Over the years that has changed. Software improved, and instead of doing people's layout for them, I began showing them how to use the programs instead. Then the programs became so intuitive that I no longer even needed to teach most people. Everyone acquired their own email address, and we did away with General Delivery and our local post office computers, even more so as Internet speed vastly increased. Individual computers in each office gave way to networking, with a central file server, and eventually a central Internet gateway. We set up our own web site.
Today, I still maintain networks—including VoIP systems—although that is not a heavy job, since the hardware and software are fairly reliable. I still set up and maintain individual computers, both personal and group; this is something that has never changed. I create, distribute and maintain software to enable people to write in indigenous languages. I prepare material for publishing on our SIL Brazil web site. Additionally, with the increasing emphasis on working with partner organizations, I end up doing a fair bit of traveling. And more…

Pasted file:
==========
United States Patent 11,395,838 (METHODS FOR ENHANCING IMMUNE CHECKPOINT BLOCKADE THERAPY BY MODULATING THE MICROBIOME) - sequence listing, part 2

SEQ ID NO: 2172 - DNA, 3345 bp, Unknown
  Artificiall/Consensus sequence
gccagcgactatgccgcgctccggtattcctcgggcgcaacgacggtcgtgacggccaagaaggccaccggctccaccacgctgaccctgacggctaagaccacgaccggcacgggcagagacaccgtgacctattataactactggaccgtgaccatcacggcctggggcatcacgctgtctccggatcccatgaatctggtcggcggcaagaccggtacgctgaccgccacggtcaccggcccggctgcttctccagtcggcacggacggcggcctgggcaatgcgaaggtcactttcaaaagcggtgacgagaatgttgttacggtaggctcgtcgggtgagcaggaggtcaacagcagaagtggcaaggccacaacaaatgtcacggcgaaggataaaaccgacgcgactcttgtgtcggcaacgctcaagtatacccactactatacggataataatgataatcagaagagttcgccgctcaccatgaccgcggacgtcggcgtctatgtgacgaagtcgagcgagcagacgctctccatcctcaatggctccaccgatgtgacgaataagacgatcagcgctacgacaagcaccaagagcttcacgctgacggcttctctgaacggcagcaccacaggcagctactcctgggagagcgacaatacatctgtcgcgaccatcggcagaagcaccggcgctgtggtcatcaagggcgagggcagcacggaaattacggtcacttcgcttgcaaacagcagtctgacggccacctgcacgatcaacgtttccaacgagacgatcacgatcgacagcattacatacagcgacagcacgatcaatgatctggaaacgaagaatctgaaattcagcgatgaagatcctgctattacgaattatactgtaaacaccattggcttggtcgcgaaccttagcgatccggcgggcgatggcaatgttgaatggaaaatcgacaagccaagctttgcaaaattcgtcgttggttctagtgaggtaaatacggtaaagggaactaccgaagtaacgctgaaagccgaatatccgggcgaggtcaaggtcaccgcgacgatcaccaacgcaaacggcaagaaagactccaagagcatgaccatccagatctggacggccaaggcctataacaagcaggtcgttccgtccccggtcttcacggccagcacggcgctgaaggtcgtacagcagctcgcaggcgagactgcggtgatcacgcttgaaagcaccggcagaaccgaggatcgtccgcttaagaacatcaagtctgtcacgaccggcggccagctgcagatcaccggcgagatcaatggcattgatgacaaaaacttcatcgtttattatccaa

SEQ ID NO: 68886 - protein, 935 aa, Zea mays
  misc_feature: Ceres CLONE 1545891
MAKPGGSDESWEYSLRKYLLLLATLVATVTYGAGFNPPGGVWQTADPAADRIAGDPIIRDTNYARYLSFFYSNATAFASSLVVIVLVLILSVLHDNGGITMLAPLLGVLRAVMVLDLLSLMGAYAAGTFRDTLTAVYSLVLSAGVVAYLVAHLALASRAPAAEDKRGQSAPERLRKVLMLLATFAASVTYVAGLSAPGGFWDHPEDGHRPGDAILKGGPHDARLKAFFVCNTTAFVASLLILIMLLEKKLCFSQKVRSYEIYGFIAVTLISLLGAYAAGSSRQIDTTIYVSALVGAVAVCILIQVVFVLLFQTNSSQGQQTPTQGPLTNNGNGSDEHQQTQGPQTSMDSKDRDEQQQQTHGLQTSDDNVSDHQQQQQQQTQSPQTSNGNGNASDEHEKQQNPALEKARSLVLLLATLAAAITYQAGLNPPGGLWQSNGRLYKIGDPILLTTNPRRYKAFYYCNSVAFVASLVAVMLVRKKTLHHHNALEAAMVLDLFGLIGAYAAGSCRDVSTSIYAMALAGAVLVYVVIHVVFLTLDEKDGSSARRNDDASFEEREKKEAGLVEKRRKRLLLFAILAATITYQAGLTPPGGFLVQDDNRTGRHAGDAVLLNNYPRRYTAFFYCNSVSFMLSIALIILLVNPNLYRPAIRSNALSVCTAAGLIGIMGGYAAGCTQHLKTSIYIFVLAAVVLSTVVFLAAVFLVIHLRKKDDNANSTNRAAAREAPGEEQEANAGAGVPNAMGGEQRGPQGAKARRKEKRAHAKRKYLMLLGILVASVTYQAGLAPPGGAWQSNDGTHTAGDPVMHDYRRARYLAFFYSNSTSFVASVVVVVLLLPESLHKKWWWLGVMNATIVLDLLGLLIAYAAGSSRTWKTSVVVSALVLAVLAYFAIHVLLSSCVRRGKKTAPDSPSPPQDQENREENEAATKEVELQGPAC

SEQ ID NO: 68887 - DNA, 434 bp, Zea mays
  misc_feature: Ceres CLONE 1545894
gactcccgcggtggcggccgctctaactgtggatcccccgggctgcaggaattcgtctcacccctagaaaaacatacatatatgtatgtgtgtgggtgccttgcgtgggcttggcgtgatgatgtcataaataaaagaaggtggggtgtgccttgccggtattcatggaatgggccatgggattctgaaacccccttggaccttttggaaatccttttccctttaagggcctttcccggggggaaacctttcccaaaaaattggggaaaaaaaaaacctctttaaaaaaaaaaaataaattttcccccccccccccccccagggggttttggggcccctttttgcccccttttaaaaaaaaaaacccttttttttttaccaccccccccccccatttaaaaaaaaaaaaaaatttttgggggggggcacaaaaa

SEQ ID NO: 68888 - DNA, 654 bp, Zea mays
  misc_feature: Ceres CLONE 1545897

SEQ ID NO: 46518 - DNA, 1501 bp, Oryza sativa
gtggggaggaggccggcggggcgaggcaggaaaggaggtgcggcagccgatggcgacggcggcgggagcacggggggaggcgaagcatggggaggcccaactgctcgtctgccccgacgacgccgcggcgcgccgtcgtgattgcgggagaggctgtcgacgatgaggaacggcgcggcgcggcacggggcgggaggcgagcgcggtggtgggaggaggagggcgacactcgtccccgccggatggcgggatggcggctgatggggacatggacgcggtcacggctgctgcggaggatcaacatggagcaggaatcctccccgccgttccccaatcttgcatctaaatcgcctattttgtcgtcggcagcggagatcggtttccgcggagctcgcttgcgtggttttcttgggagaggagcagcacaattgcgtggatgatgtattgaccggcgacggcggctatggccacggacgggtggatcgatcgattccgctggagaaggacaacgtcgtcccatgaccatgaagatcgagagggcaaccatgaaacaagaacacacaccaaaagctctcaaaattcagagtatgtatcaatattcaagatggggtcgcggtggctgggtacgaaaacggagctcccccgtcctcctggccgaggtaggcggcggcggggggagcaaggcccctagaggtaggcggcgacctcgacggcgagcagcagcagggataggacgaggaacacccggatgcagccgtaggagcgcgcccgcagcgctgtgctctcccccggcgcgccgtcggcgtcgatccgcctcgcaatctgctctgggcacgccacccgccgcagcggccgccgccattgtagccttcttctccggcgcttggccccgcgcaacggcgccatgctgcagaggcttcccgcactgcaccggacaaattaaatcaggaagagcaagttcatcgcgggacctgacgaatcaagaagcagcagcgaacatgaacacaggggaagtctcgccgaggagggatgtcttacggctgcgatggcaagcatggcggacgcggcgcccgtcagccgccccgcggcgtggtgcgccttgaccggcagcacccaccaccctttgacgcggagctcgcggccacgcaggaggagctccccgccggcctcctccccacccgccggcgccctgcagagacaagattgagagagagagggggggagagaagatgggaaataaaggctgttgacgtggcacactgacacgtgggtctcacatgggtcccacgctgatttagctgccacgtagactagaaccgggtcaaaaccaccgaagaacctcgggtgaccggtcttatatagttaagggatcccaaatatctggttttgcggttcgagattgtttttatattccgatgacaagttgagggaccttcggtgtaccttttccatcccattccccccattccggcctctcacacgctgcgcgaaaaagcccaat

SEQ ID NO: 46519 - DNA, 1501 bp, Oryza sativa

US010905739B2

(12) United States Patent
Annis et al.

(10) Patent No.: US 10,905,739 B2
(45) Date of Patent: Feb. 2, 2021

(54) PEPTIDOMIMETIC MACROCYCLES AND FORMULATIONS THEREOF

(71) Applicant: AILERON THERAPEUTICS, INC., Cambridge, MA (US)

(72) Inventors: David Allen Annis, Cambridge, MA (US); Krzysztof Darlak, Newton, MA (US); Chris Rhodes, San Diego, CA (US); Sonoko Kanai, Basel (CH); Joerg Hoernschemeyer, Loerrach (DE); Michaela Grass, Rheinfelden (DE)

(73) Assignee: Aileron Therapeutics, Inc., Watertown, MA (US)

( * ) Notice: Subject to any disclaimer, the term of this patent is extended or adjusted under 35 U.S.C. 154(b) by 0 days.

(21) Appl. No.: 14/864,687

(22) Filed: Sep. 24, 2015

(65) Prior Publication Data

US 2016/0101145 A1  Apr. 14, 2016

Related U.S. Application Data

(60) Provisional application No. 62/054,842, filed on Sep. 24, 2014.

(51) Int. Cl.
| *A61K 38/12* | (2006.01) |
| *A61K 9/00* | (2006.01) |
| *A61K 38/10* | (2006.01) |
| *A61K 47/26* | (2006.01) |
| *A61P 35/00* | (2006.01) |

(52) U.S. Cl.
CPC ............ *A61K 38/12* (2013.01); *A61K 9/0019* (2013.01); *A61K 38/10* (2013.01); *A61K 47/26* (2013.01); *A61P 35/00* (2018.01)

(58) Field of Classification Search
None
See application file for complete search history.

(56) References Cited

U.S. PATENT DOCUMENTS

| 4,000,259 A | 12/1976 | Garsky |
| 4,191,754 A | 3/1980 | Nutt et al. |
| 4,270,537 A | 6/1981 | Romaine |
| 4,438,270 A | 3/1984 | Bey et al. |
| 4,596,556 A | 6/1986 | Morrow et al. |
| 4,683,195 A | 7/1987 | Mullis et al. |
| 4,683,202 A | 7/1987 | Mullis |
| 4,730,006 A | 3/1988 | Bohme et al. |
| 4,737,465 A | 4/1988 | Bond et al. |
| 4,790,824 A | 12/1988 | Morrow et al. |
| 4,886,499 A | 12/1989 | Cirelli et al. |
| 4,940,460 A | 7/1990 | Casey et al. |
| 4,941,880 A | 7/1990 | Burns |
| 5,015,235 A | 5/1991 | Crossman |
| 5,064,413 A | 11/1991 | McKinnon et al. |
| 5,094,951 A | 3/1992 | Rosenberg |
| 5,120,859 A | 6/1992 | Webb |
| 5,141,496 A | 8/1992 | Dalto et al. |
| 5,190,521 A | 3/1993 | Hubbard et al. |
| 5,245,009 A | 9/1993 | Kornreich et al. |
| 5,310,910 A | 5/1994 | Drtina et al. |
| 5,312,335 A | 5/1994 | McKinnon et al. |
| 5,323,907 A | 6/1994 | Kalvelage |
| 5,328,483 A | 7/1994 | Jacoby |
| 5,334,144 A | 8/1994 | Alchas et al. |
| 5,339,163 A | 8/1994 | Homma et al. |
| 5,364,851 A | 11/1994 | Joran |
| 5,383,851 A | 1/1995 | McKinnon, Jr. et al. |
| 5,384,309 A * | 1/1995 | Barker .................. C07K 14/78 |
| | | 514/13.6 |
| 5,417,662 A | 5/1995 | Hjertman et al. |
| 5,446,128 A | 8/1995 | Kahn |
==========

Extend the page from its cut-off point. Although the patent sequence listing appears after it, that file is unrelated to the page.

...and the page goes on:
SIL Brazil has had the web site mentioned in the previous paragraphs since the late '90s. You can visit it at http://www.silbrazil.org. Originally, I was the one who designed it and maintained it. Today, I still maintain it, although that largely involves adding new published material when it is ready, either stuff I prepare or stuff prepared by others. In recent years a graphic artist joined the team in Brazil, and he redesigned the site from scratch. (I am a techie-type, not an artist.)
And another thing that has not changed over the years—and probably never will—is the necessity to sit down one-on-one with people who simply want help with a problem.
And what about the future? The only thing I can be certain of is that it will be different. Exactly how different remains to be seen. There are still many needs.
And as long as God makes it possible, I will be here to help meet them.
So, does my life consist of computers and nothing else? By no means! I would be a rare SIL member indeed if I didn't have anything else to do except for my specialty. Indeed, many of our members no longer work in the original specialty for which they came to the field. Pilots become directors and translators. Translators become accountants. And so forth.
Yes, my main assigned work is still computer support. But I do other things. For example, telephone system maintenance has fallen into my lap, especially with the increasing use of VoIP systems, which are directly computer-based. And since we no longer have an electronics technician, it has fallen to me to maintain things such as the sound system that we use occasionally for meetings and for Conference, or remote controls for electronic security gates. Almost any little technical issue that arises, someone will come to me to see if I can figure out what to do. A lot of times, I can.